40,000-Person PRRI Immigration Polling Finds Majority in All 50 States Back Citizenship over Deportation
New immigration polling released today again reminds us that the Trump Administration’s approach to immigration enforcement, characterized by indiscriminate deportations and unrelenting hostility to legalization, is as unpopular as it is radical. The results of the Public Religion Research Institute (PRRI) “2016 American Values Atlas,” comprised of 40,000 interviews in all 50 states, finds that a majority of residents in each state back citizenship over deportation and overwhelming support for legalizing, instead of deporting, undocumented immigrants.
Nationwide, when asked their preferred policy for undocumented immigrants, a combined 79% of Americans in the 40,000-sample PRRI polling backed either a path to citizenship (supported by a whopping 64% of the public) or permanent legal residency (15%) while only 16% supported the option embraced by the Trump Administration – identifying and deporting undocumented immigrants.
According to Lynn Tramonte, Deputy Director of America’s Voice Education Fund:
In every state and across ideological and political lines, Americans are clear that they want undocumented immigrants to be able to legalize and eventually gain citizenship. The Trump Administration’s deportation-focused approach panders to a small minority of nativists at the expense of the overwhelming wishes of Americans and the best interests of the country.
As PRRI CEO Robert P. Jones noted in the press release accompanying their findings:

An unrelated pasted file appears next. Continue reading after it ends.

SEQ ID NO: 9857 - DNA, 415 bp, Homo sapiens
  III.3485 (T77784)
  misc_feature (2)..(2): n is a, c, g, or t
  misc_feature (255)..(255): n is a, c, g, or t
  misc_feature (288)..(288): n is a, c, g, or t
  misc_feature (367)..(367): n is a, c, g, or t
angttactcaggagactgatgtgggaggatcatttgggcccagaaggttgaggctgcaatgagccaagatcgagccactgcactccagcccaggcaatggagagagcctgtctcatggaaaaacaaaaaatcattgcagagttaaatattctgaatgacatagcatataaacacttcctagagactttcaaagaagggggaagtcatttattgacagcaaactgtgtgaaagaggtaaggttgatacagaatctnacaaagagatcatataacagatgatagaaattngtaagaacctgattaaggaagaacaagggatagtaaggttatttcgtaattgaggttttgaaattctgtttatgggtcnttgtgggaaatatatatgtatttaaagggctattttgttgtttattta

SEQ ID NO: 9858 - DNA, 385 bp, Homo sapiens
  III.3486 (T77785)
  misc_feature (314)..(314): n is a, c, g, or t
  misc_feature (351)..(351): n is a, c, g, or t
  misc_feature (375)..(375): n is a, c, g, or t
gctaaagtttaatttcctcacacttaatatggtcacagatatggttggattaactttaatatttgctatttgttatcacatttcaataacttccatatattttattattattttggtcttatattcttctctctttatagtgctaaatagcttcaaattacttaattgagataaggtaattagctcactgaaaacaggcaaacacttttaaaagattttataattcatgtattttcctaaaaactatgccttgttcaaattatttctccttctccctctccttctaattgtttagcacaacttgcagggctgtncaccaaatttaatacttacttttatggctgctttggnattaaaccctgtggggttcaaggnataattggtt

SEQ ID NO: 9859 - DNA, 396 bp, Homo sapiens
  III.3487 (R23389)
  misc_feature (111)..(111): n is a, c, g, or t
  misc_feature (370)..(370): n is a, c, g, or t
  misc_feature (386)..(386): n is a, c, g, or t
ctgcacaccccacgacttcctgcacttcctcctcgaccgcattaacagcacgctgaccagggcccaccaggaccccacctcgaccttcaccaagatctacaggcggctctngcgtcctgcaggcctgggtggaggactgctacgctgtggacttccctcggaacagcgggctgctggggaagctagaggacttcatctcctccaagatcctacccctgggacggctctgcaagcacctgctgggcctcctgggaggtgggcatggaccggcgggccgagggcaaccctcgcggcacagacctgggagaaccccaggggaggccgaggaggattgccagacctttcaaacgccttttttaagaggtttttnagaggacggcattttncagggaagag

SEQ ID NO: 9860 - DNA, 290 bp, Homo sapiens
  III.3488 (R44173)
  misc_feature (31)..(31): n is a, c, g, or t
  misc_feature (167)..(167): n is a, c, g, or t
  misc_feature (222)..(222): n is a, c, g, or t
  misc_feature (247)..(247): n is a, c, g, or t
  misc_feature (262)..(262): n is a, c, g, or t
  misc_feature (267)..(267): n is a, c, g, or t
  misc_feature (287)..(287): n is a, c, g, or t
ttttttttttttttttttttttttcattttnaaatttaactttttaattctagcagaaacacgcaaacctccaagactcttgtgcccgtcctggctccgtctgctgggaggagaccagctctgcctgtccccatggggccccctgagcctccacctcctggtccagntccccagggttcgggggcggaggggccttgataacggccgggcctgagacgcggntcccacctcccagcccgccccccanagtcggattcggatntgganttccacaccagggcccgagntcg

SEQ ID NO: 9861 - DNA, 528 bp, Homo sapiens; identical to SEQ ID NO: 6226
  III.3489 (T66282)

Lost amid the current rhetoric surrounding immigration reform is one fact: Very few Americans prefer deporting the 11 million immigrants currently living in the country illegally. Even majorities of Republicans and those living in the reddest states favor allowing these immigrants a chance to become citizens, provided they meet certain requirements.
- In all 50 states, majority of public backs a path to citizenship: As PRRI assesses in its accompanying poll summary, “A majority of residents in every state—including states that strongly supported Donald Trump in the 2016 election—favor allowing immigrants living in the country illegally to become citizens provided they meet certain requirements. Even among residents in largely conservative states, most prefer providing a path to citizenship for immigrants living in the United States illegally. States exhibiting the lowest support tend to be clustered in the South and Midwest, though even those states show majority support. Nearly six in ten (57 percent) residents of Maine, Mississippi, Missouri, Montana, and West Virginia favor a policy offering citizenship. Even in Wyoming, the state with the lowest support for a path to citizenship, a majority (55 percent) support such a policy. Only about one in three (32 percent) Wyoming residents favor a policy of deportation.”
- Even Republicans back citizenship over deportation: As PRRI writes: Majorities of both Democrats (75 percent) and Republicans (55 percent) favor a path to citizenship for immigrants living in the country illegally. Less than one in five Democrats (15 percent) and Republicans (13 percent) support granting such immigrants permanent legal residency. Notably, Republicans are more than three times as likely as Democrats to say immigrants residing in the U.S. illegally should be identified and deported (28 percent vs. 8 percent, respectively).
- Support for citizenship has remained overwhelming and durable over recent years: The immigration results in PRRI’s 2016 American Values Atlas do not differ significantly from earlier years’ findings, despite the rise of Trump and the salience of immigration as a key issue. As PRRI notes, “Views on immigration reform have remained largely unchanged since 2013.”
- The PRRI findings echo those of numerous other polls in recent years. Recent 2016 and 2017 polling from Quinnipiac, Pew Research, New York Times/CBS, Washington Post/ABC News, CNN, Gallup, and even Fox News each found that between 72% and 88% of Americans back either citizenship or legalization for undocumented immigrants over deportation.